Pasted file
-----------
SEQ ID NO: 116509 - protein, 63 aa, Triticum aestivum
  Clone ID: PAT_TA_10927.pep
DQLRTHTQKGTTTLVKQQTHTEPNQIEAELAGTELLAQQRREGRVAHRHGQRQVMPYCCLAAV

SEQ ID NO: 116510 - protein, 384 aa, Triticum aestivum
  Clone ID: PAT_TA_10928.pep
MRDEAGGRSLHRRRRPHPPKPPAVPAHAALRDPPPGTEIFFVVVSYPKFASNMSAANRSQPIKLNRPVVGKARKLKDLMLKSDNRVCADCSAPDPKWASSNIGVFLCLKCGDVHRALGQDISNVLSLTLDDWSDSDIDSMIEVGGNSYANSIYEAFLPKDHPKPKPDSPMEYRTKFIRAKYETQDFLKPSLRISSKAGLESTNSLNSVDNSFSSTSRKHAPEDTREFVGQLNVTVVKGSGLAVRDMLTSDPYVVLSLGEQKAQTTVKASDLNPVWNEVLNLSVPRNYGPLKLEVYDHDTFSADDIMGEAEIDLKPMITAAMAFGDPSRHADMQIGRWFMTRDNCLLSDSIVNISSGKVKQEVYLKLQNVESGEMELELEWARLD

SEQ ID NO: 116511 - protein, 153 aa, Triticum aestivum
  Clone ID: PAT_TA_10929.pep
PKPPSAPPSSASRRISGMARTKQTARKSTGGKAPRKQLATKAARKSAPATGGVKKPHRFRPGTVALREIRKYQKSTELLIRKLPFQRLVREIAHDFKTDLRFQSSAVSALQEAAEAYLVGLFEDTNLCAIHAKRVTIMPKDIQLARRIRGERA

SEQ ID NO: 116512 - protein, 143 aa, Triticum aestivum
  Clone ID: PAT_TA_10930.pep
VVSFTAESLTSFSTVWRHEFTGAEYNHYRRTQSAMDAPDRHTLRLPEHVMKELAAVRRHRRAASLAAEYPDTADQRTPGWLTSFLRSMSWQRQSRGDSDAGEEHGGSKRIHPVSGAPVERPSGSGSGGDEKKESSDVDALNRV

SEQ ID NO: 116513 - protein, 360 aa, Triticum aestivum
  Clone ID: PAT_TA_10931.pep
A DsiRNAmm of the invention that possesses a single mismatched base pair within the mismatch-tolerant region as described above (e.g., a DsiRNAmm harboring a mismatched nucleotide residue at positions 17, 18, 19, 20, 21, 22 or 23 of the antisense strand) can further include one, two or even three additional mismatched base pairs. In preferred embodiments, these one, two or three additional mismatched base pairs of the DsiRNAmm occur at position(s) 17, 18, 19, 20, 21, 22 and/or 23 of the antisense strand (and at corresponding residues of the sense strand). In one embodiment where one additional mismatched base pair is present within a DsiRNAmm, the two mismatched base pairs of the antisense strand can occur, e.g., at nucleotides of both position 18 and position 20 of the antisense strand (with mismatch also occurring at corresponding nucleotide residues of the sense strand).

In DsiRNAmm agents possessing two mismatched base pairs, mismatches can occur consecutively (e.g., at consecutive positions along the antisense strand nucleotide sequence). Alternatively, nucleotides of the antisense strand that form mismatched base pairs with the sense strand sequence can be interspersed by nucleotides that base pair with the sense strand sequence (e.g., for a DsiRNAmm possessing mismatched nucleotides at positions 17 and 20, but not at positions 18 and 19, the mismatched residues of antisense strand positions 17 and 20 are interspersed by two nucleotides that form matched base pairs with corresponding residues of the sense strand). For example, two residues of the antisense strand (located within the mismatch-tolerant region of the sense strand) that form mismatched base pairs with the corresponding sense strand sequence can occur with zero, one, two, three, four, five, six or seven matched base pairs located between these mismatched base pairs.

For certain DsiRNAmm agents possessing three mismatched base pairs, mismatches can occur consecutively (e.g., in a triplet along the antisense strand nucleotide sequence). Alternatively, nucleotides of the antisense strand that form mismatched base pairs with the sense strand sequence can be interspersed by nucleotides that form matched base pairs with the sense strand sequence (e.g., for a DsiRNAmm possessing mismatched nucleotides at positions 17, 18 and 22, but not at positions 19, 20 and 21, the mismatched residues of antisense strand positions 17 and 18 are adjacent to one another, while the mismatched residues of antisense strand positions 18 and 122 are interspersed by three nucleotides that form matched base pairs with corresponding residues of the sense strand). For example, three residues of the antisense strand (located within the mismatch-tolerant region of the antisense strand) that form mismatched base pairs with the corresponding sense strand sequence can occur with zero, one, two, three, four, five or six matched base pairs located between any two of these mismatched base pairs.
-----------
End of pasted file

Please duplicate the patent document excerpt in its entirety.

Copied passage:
SEQ ID NO: 116509 - protein, 63 aa, Triticum aestivum
  Clone ID: PAT_TA_10927.pep
DQLRTHTQKGTTTLVKQQTHTEPNQIEAELAGTELLAQQRREGRVAHRHGQRQVMPYCCLAAV

SEQ ID NO: 116510 - protein, 384 aa, Triticum aestivum
  Clone ID: PAT_TA_10928.pep
MRDEAGGRSLHRRRRPHPPKPPAVPAHAALRDPPPGTEIFFVVVSYPKFASNMSAANRSQPIKLNRPVVGKARKLKDLMLKSDNRVCADCSAPDPKWASSNIGVFLCLKCGDVHRALGQDISNVLSLTLDDWSDSDIDSMIEVGGNSYANSIYEAFLPKDHPKPKPDSPMEYRTKFIRAKYETQDFLKPSLRISSKAGLESTNSLNSVDNSFSSTSRKHAPEDTREFVGQLNVTVVKGSGLAVRDMLTSDPYVVLSLGEQKAQTTVKASDLNPVWNEVLNLSVPRNYGPLKLEVYDHDTFSADDIMGEAEIDLKPMITAAMAFGDPSRHADMQIGRWFMTRDNCLLSDSIVNISSGKVKQEVYLKLQNVESGEMELELEWARLD

SEQ ID NO: 116511 - protein, 153 aa, Triticum aestivum
  Clone ID: PAT_TA_10929.pep
PKPPSAPPSSASRRISGMARTKQTARKSTGGKAPRKQLATKAARKSAPATGGVKKPHRFRPGTVALREIRKYQKSTELLIRKLPFQRLVREIAHDFKTDLRFQSSAVSALQEAAEAYLVGLFEDTNLCAIHAKRVTIMPKDIQLARRIRGERA

SEQ ID NO: 116512 - protein, 143 aa, Triticum aestivum
  Clone ID: PAT_TA_10930.pep
VVSFTAESLTSFSTVWRHEFTGAEYNHYRRTQSAMDAPDRHTLRLPEHVMKELAAVRRHRRAASLAAEYPDTADQRTPGWLTSFLRSMSWQRQSRGDSDAGEEHGGSKRIHPVSGAPVERPSGSGSGGDEKKESSDVDALNRV

SEQ ID NO: 116513 - protein, 360 aa, Triticum aestivum
  Clone ID: PAT_TA_10931.pep
A DsiRNAmm of the invention that possesses a single mismatched base pair within the mismatch-tolerant region as described above (e.g., a DsiRNAmm harboring a mismatched nucleotide residue at positions 17, 18, 19, 20, 21, 22 or 23 of the antisense strand) can further include one, two or even three additional mismatched base pairs. In preferred embodiments, these one, two or three additional mismatched base pairs of the DsiRNAmm occur at position(s) 17, 18, 19, 20, 21, 22 and/or 23 of the antisense strand (and at corresponding residues of the sense strand). In one embodiment where one additional mismatched base pair is present within a DsiRNAmm, the two mismatched base pairs of the antisense strand can occur, e.g., at nucleotides of both position 18 and position 20 of the antisense strand (with mismatch also occurring at corresponding nucleotide residues of the sense strand).

In DsiRNAmm agents possessing two mismatched base pairs, mismatches can occur consecutively (e.g., at consecutive positions along the antisense strand nucleotide sequence). Alternatively, nucleotides of the antisense strand that form mismatched base pairs with the sense strand sequence can be interspersed by nucleotides that base pair with the sense strand sequence (e.g., for a DsiRNAmm possessing mismatched nucleotides at positions 17 and 20, but not at positions 18 and 19, the mismatched residues of antisense strand positions 17 and 20 are interspersed by two nucleotides that form matched base pairs with corresponding residues of the sense strand). For example, two residues of the antisense strand (located within the mismatch-tolerant region of the sense strand) that form mismatched base pairs with the corresponding sense strand sequence can occur with zero, one, two, three, four, five, six or seven matched base pairs located between these mismatched base pairs.

For certain DsiRNAmm agents possessing three mismatched base pairs, mismatches can occur consecutively (e.g., in a triplet along the antisense strand nucleotide sequence). Alternatively, nucleotides of the antisense strand that form mismatched base pairs with the sense strand sequence can be interspersed by nucleotides that form matched base pairs with the sense strand sequence (e.g., for a DsiRNAmm possessing mismatched nucleotides at positions 17, 18 and 22, but not at positions 19, 20 and 21, the mismatched residues of antisense strand positions 17 and 18 are adjacent to one another, while the mismatched residues of antisense strand positions 18 and 122 are interspersed by three nucleotides that form matched base pairs with corresponding residues of the sense strand). For example, three residues of the antisense strand (located within the mismatch-tolerant region of the antisense strand) that form mismatched base pairs with the corresponding sense strand sequence can occur with zero, one, two, three, four, five or six matched base pairs located between any two of these mismatched base pairs.